When sciatica pain gets the better of you and nothing you do seems to help, here are some self-treatment tips you can use to get pain relief. Look at other suggestions in my Checklist Part 3. (There is a list of 17 corrective actions and treatments in three parts.)
Self-treat your muscles with pressure and massage, ice or heat (ice for pain and muscle spasm 1-5 minutes, moist heat for achiness and stiffness 1-5 minutes. (See my post on Ice or Heat)
The treatment protocol I use in my Neuromuscular Therapy practice near Boston is the following:
Use some kind of massage, vibration, short application of ice or heat first. This gets the blood flowing and starts the lymphatic system draining waste products from the fluids around the muscles.
Find a place where the muscle is tender and has a tight place or a knot. If you feel any referred symptoms (sensation other than where you are pressing), it indicates that you’ve found a Trigger Point, a more important place to treat than just a place of tension.
Apply pressure with your thumb (or fingers, elbow, knuckle, a ball or some kind of pressure tool like the Theracane shown above), increasing the pressure until you increase the pain to a level 6 on a scale of 1 to 10. (Too much pain turns on your body’s alarm systems which is not helpful when you’re trying to get your muscles to relax. Too little tenderness under pressure indicates a less than optimal treatment depth.)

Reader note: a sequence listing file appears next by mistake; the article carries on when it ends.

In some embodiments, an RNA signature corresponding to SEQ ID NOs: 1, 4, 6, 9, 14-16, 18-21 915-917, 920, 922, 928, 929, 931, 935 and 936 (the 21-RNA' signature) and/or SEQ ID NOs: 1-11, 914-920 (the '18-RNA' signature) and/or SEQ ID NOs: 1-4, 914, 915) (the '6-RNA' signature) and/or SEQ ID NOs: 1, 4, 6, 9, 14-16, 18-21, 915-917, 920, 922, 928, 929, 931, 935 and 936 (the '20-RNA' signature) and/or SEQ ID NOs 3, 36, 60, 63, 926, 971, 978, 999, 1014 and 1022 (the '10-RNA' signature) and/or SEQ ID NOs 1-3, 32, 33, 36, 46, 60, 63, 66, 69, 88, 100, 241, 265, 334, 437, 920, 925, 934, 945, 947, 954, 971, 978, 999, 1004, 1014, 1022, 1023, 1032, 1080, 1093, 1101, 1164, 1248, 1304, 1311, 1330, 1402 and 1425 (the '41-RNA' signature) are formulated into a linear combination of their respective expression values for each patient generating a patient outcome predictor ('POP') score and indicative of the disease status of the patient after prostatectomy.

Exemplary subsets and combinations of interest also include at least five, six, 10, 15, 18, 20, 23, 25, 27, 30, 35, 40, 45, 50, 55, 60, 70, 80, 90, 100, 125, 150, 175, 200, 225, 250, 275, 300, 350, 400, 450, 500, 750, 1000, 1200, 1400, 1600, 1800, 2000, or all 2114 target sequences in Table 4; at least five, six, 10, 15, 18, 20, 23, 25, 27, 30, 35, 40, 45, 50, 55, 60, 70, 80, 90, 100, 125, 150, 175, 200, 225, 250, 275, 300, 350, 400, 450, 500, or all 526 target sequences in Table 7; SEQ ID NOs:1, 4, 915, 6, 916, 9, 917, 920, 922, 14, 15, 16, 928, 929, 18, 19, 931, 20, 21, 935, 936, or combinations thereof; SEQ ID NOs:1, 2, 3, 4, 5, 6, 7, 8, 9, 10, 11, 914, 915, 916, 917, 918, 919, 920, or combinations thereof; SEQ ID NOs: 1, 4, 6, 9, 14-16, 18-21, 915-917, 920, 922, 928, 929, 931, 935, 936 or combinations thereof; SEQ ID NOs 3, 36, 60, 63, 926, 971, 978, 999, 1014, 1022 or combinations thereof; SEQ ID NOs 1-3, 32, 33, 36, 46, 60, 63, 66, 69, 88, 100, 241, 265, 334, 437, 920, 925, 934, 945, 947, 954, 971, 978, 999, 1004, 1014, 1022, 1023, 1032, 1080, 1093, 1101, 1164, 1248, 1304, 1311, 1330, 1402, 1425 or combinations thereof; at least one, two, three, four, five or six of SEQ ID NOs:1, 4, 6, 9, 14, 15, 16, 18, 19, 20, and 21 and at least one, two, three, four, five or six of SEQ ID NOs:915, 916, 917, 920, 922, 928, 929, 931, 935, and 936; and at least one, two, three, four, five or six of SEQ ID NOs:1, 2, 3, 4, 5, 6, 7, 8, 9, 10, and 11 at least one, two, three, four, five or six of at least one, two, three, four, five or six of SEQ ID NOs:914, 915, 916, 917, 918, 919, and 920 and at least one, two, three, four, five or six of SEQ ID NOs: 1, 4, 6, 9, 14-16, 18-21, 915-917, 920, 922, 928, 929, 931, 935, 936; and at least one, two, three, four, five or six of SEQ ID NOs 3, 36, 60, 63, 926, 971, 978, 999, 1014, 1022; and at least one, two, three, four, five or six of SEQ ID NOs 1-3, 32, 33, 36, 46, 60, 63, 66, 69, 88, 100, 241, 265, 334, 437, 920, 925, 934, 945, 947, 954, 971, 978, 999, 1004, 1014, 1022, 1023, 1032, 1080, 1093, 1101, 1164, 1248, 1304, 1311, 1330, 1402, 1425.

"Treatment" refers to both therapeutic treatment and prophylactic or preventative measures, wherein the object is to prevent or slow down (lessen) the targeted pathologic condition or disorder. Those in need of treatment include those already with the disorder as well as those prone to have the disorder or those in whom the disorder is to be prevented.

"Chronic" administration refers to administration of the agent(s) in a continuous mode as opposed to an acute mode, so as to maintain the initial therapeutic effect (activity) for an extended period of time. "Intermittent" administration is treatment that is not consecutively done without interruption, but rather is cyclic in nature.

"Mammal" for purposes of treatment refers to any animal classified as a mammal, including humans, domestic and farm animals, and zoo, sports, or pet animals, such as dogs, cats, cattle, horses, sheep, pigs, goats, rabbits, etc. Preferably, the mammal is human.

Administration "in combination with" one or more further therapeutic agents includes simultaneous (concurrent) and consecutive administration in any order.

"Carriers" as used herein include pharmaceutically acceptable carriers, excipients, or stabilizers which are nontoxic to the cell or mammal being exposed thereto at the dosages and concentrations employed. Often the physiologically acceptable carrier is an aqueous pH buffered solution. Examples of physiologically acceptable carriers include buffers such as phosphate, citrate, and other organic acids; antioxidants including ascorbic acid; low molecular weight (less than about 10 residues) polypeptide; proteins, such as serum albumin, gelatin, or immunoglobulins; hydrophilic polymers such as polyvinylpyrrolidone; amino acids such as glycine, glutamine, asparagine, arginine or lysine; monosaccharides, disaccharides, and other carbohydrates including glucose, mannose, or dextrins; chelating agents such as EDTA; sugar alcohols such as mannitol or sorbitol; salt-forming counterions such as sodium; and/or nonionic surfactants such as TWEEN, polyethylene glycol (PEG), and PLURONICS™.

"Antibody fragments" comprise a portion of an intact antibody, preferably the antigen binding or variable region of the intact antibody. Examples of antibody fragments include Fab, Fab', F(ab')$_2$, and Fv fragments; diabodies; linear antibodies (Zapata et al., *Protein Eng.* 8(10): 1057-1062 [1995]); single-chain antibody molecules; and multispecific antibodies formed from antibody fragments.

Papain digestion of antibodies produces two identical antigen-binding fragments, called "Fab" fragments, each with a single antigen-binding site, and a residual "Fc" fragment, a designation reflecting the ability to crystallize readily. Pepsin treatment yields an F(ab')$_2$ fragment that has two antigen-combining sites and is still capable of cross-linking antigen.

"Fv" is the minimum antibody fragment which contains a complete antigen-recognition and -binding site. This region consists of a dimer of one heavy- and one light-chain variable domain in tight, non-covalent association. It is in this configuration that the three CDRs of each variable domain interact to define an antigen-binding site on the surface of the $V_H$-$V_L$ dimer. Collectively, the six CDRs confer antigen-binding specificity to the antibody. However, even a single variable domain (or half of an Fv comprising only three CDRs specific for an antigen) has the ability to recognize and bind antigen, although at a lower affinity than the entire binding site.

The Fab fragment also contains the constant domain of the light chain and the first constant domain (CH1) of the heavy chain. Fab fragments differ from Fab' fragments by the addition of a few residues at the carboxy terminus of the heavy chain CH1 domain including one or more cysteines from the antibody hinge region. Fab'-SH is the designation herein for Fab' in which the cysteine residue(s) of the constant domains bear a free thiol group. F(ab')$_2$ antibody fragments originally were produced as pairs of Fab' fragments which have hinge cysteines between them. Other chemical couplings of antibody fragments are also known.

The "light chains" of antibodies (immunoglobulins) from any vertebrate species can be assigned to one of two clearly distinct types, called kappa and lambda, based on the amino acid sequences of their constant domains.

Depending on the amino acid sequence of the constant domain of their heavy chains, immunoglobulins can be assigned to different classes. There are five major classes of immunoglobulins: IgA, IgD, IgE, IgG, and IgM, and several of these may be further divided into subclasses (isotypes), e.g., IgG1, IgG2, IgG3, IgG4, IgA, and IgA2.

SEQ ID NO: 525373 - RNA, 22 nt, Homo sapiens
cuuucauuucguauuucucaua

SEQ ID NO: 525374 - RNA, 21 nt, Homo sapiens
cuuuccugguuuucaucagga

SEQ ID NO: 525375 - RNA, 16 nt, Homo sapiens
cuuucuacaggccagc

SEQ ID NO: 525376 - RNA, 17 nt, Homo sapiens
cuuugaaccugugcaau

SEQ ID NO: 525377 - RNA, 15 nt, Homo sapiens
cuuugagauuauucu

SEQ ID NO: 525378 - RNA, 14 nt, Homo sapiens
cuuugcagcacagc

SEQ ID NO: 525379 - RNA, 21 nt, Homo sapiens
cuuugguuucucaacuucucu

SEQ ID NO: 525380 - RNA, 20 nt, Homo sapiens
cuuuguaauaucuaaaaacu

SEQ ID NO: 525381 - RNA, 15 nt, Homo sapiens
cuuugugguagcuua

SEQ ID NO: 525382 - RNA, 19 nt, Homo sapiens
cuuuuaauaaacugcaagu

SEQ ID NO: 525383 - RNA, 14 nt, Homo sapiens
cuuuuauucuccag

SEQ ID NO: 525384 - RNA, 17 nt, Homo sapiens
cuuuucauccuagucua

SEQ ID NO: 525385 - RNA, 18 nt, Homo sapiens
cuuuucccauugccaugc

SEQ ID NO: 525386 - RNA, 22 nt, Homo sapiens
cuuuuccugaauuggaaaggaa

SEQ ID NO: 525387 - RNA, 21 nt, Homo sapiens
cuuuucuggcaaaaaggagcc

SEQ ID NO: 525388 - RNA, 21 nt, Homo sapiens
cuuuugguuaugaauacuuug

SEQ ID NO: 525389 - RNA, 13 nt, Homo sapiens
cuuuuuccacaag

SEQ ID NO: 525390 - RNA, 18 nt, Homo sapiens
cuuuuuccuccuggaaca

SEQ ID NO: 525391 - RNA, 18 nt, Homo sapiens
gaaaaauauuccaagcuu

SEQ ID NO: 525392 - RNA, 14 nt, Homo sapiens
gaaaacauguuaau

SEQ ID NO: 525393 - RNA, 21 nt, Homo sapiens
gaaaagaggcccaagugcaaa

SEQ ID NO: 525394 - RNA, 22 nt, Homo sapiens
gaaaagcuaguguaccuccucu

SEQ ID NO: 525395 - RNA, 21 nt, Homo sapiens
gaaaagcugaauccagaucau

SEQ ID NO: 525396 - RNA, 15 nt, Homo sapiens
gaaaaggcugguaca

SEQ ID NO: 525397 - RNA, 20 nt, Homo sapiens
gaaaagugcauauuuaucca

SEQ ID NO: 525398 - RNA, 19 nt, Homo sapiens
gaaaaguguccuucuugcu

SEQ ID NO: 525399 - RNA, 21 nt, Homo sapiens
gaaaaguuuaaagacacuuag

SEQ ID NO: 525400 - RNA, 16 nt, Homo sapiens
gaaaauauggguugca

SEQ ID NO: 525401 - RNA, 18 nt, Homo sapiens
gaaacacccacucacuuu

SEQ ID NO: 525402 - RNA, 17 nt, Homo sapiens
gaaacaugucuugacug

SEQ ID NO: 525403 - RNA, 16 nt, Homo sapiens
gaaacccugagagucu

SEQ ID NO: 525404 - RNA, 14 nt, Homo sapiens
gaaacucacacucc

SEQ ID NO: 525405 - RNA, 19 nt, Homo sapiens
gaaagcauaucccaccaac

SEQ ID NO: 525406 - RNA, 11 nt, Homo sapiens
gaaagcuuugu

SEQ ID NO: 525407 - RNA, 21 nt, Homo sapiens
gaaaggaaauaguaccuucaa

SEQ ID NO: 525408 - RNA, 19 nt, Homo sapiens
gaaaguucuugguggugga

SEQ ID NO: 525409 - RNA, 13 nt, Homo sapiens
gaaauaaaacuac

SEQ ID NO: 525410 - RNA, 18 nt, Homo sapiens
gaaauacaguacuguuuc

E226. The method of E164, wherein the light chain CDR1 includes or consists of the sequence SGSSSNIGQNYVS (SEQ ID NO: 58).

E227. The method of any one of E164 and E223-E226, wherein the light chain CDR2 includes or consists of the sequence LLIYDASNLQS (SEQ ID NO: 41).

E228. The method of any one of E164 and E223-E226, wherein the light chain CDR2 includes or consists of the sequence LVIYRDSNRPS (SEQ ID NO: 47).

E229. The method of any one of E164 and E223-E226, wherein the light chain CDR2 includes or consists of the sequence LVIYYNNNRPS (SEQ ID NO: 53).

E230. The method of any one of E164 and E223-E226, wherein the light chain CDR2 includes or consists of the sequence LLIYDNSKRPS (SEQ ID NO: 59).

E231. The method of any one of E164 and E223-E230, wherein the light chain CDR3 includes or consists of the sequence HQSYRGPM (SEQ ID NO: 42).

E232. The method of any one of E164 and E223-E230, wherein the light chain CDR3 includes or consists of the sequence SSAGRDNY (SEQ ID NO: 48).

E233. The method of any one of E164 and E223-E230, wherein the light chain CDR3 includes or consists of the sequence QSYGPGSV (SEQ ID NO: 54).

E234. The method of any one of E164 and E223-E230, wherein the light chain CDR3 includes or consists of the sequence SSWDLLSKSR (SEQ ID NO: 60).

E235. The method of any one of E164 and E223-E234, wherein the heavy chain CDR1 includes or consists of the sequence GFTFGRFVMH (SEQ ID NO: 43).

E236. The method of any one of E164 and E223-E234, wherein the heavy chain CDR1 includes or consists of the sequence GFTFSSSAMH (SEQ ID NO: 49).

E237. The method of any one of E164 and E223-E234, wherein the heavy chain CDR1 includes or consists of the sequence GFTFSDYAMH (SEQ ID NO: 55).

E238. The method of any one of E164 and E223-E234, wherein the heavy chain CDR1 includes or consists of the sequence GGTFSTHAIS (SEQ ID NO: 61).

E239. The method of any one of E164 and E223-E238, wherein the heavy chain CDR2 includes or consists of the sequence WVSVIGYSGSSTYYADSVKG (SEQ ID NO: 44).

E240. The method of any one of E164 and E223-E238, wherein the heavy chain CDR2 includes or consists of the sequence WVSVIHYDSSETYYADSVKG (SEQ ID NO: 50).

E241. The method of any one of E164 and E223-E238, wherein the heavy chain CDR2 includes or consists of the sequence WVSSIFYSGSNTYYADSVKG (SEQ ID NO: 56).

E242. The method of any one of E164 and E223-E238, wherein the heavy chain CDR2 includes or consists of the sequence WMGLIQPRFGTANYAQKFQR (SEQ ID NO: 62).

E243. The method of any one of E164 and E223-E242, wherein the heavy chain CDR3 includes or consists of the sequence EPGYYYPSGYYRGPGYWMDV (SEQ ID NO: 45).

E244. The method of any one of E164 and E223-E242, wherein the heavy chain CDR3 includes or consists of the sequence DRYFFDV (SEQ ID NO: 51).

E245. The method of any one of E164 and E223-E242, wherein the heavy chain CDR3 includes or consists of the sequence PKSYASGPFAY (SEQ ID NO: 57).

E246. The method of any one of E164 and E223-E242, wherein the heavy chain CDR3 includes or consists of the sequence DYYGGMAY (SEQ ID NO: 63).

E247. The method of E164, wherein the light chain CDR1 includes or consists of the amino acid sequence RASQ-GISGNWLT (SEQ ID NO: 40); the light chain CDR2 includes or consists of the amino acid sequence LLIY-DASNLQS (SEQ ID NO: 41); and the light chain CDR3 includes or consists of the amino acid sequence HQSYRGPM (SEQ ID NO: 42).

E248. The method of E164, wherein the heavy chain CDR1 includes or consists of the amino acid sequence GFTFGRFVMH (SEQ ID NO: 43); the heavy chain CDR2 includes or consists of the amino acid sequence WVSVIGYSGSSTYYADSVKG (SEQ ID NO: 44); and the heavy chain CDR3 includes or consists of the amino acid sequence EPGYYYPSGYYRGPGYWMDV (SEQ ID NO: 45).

Hold the pressure where it hurts and count for 8 – 12 seconds. You should feel either that the muscle is softening under your pressure or the pain is subsiding, indicating that the contraction is releasing. If nothing happens, hold the pressure for up to 20 seconds. If you still feel no change, keep your thumb in the same place and let up pressure to allow the blood to get to the muscle for maybe 10 seconds, then press in again and hold until you feel a release. I suggest repeating this procedure up to three times. If you aren’t getting anywhere, go on to another place and come back to this stubborn spot.
Finish your self-treatment with more “flushing” using massage or ice or stretching.
What is better, ice or heat? That depends on your symptoms. Think of a swollen ankle. The injury has stimulated inflammation. The appropriate application is ice, not heat. Heat will increase the inflammation and swelling. So if you have pain or swelling use ice. Also use ice when you have muscle spasms. With both conditions you want to turn off the nervous system temporarily. Ice increases blood flow through the capillary beds under the skin, increasing the removal of waste products that cause pain.
Heat is used for achiness and stiffness to increase blood volume in the larger vessels, warm the muscle, and bring oxygen and nutrients. Lack of oxygen causes muscle pain, nutrients are necessary to heal the tissue.
The next post is on treating medical conditions.